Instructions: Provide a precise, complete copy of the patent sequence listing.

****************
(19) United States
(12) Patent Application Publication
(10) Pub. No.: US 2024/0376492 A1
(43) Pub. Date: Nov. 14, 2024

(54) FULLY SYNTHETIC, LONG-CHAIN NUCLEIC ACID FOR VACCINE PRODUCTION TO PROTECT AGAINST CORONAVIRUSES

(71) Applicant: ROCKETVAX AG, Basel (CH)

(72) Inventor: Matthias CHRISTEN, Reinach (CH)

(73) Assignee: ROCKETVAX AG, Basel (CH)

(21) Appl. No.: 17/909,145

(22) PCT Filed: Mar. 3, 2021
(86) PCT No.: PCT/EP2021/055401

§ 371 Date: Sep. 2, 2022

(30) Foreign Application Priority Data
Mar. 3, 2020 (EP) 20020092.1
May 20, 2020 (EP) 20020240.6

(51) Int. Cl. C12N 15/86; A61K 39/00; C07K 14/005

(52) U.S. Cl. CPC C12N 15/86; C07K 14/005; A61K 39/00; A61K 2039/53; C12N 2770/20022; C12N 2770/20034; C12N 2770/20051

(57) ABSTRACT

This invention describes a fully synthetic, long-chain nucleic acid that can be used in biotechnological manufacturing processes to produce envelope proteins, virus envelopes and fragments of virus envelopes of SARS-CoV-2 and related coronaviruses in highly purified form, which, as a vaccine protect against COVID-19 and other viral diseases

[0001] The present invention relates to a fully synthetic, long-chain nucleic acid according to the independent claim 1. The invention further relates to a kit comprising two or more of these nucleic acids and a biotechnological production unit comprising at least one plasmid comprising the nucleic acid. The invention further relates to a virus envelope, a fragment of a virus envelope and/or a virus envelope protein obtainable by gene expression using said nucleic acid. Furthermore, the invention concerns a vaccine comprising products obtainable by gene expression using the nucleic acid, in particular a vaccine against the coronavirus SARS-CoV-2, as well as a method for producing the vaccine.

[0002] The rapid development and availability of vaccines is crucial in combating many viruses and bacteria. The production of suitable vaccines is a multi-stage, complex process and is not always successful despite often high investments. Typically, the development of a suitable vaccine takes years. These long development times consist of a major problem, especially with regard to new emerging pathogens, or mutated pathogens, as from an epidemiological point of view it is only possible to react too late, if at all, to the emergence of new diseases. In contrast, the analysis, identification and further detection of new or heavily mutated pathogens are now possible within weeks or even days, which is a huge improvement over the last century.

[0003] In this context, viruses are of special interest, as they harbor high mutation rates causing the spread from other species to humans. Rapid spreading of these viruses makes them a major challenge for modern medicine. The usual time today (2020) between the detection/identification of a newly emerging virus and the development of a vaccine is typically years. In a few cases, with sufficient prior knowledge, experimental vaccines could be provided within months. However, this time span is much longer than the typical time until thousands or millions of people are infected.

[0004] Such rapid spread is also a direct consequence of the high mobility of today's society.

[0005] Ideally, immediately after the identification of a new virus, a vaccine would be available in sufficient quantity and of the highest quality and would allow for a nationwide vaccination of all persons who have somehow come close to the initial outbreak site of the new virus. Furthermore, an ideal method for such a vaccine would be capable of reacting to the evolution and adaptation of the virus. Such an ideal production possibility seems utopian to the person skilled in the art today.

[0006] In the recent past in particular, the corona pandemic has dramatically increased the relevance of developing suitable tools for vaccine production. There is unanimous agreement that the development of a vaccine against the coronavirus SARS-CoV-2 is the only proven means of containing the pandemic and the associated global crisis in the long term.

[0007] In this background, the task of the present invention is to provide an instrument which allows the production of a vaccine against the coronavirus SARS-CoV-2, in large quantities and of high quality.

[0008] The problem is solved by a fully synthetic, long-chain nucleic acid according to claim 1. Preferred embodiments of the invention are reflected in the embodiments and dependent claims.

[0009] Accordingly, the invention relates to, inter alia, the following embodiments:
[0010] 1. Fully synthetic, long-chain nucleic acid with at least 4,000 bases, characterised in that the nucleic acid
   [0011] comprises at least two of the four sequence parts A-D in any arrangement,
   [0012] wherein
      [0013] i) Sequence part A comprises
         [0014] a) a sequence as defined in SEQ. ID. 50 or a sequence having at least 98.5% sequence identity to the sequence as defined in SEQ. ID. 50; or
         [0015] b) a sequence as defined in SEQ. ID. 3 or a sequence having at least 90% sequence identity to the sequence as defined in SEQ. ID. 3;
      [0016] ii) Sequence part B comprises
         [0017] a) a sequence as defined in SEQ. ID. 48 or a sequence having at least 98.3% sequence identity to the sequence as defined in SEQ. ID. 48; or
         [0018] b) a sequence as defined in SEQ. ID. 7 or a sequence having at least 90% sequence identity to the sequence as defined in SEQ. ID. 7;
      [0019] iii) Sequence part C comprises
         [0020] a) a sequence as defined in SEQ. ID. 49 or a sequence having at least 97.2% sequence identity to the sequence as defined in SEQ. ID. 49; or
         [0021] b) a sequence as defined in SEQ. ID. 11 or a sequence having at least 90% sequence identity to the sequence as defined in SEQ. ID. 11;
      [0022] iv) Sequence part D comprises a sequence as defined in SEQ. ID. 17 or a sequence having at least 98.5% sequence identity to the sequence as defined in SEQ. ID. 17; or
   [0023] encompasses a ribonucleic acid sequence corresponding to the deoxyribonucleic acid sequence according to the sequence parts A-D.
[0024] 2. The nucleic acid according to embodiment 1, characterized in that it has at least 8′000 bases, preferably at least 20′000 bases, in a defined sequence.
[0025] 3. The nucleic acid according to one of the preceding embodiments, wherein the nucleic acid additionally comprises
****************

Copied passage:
(19) United States
(12) Patent Application Publication
(10) Pub. No.: US 2024/0376492 A1
(43) Pub. Date: Nov. 14, 2024

(54) FULLY SYNTHETIC, LONG-CHAIN NUCLEIC ACID FOR VACCINE PRODUCTION TO PROTECT AGAINST CORONAVIRUSES

(71) Applicant: ROCKETVAX AG, Basel (CH)

(72) Inventor: Matthias CHRISTEN, Reinach (CH)

(73) Assignee: ROCKETVAX AG, Basel (CH)

(21) Appl. No.: 17/909,145

(22) PCT Filed: Mar. 3, 2021
(86) PCT No.: PCT/EP2021/055401

§ 371 Date: Sep. 2, 2022

(30) Foreign Application Priority Data
Mar. 3, 2020 (EP) 20020092.1
May 20, 2020 (EP) 20020240.6

(51) Int. Cl. C12N 15/86; A61K 39/00; C07K 14/005

(52) U.S. Cl. CPC C12N 15/86; C07K 14/005; A61K 39/00; A61K 2039/53; C12N 2770/20022; C12N 2770/20034; C12N 2770/20051

(57) ABSTRACT

This invention describes a fully synthetic, long-chain nucleic acid that can be used in biotechnological manufacturing processes to produce envelope proteins, virus envelopes and fragments of virus envelopes of SARS-CoV-2 and related coronaviruses in highly purified form, which, as a vaccine protect against COVID-19 and other viral diseases

[0001] The present invention relates to a fully synthetic, long-chain nucleic acid according to the independent claim 1. The invention further relates to a kit comprising two or more of these nucleic acids and a biotechnological production unit comprising at least one plasmid comprising the nucleic acid. The invention further relates to a virus envelope, a fragment of a virus envelope and/or a virus envelope protein obtainable by gene expression using said nucleic acid. Furthermore, the invention concerns a vaccine comprising products obtainable by gene expression using the nucleic acid, in particular a vaccine against the coronavirus SARS-CoV-2, as well as a method for producing the vaccine.

[0002] The rapid development and availability of vaccines is crucial in combating many viruses and bacteria. The production of suitable vaccines is a multi-stage, complex process and is not always successful despite often high investments. Typically, the development of a suitable vaccine takes years. These long development times consist of a major problem, especially with regard to new emerging pathogens, or mutated pathogens, as from an epidemiological point of view it is only possible to react too late, if at all, to the emergence of new diseases. In contrast, the analysis, identification and further detection of new or heavily mutated pathogens are now possible within weeks or even days, which is a huge improvement over the last century.

[0003] In this context, viruses are of special interest, as they harbor high mutation rates causing the spread from other species to humans. Rapid spreading of these viruses makes them a major challenge for modern medicine. The usual time today (2020) between the detection/identification of a newly emerging virus and the development of a vaccine is typically years. In a few cases, with sufficient prior knowledge, experimental vaccines could be provided within months. However, this time span is much longer than the typical time until thousands or millions of people are infected.

[0004] Such rapid spread is also a direct consequence of the high mobility of today's society.

[0005] Ideally, immediately after the identification of a new virus, a vaccine would be available in sufficient quantity and of the highest quality and would allow for a nationwide vaccination of all persons who have somehow come close to the initial outbreak site of the new virus. Furthermore, an ideal method for such a vaccine would be capable of reacting to the evolution and adaptation of the virus. Such an ideal production possibility seems utopian to the person skilled in the art today.

[0006] In the recent past in particular, the corona pandemic has dramatically increased the relevance of developing suitable tools for vaccine production. There is unanimous agreement that the development of a vaccine against the coronavirus SARS-CoV-2 is the only proven means of containing the pandemic and the associated global crisis in the long term.

[0007] In this background, the task of the present invention is to provide an instrument which allows the production of a vaccine against the coronavirus SARS-CoV-2, in large quantities and of high quality.

[0008] The problem is solved by a fully synthetic, long-chain nucleic acid according to claim 1. Preferred embodiments of the invention are reflected in the embodiments and dependent claims.

[0009] Accordingly, the invention relates to, inter alia, the following embodiments:
[0010] 1. Fully synthetic, long-chain nucleic acid with at least 4,000 bases, characterised in that the nucleic acid
   [0011] comprises at least two of the four sequence parts A-D in any arrangement,
   [0012] wherein
      [0013] i) Sequence part A comprises
         [0014] a) a sequence as defined in SEQ. ID. 50 or a sequence having at least 98.5% sequence identity to the sequence as defined in SEQ. ID. 50; or
         [0015] b) a sequence as defined in SEQ. ID. 3 or a sequence having at least 90% sequence identity to the sequence as defined in SEQ. ID. 3;
      [0016] ii) Sequence part B comprises
         [0017] a) a sequence as defined in SEQ. ID. 48 or a sequence having at least 98.3% sequence identity to the sequence as defined in SEQ. ID. 48; or
         [0018] b) a sequence as defined in SEQ. ID. 7 or a sequence having at least 90% sequence identity to the sequence as defined in SEQ. ID. 7;
      [0019] iii) Sequence part C comprises
         [0020] a) a sequence as defined in SEQ. ID. 49 or a sequence having at least 97.2% sequence identity to the sequence as defined in SEQ. ID. 49; or
         [0021] b) a sequence as defined in SEQ. ID. 11 or a sequence having at least 90% sequence identity to the sequence as defined in SEQ. ID. 11;
      [0022] iv) Sequence part D comprises a sequence as defined in SEQ. ID. 17 or a sequence having at least 98.5% sequence identity to the sequence as defined in SEQ. ID. 17; or
   [0023] encompasses a ribonucleic acid sequence corresponding to the deoxyribonucleic acid sequence according to the sequence parts A-D.
[0024] 2. The nucleic acid according to embodiment 1, characterized in that it has at least 8′000 bases, preferably at least 20′000 bases, in a defined sequence.
[0025] 3. The nucleic acid according to one of the preceding embodiments, wherein the nucleic acid additionally comprises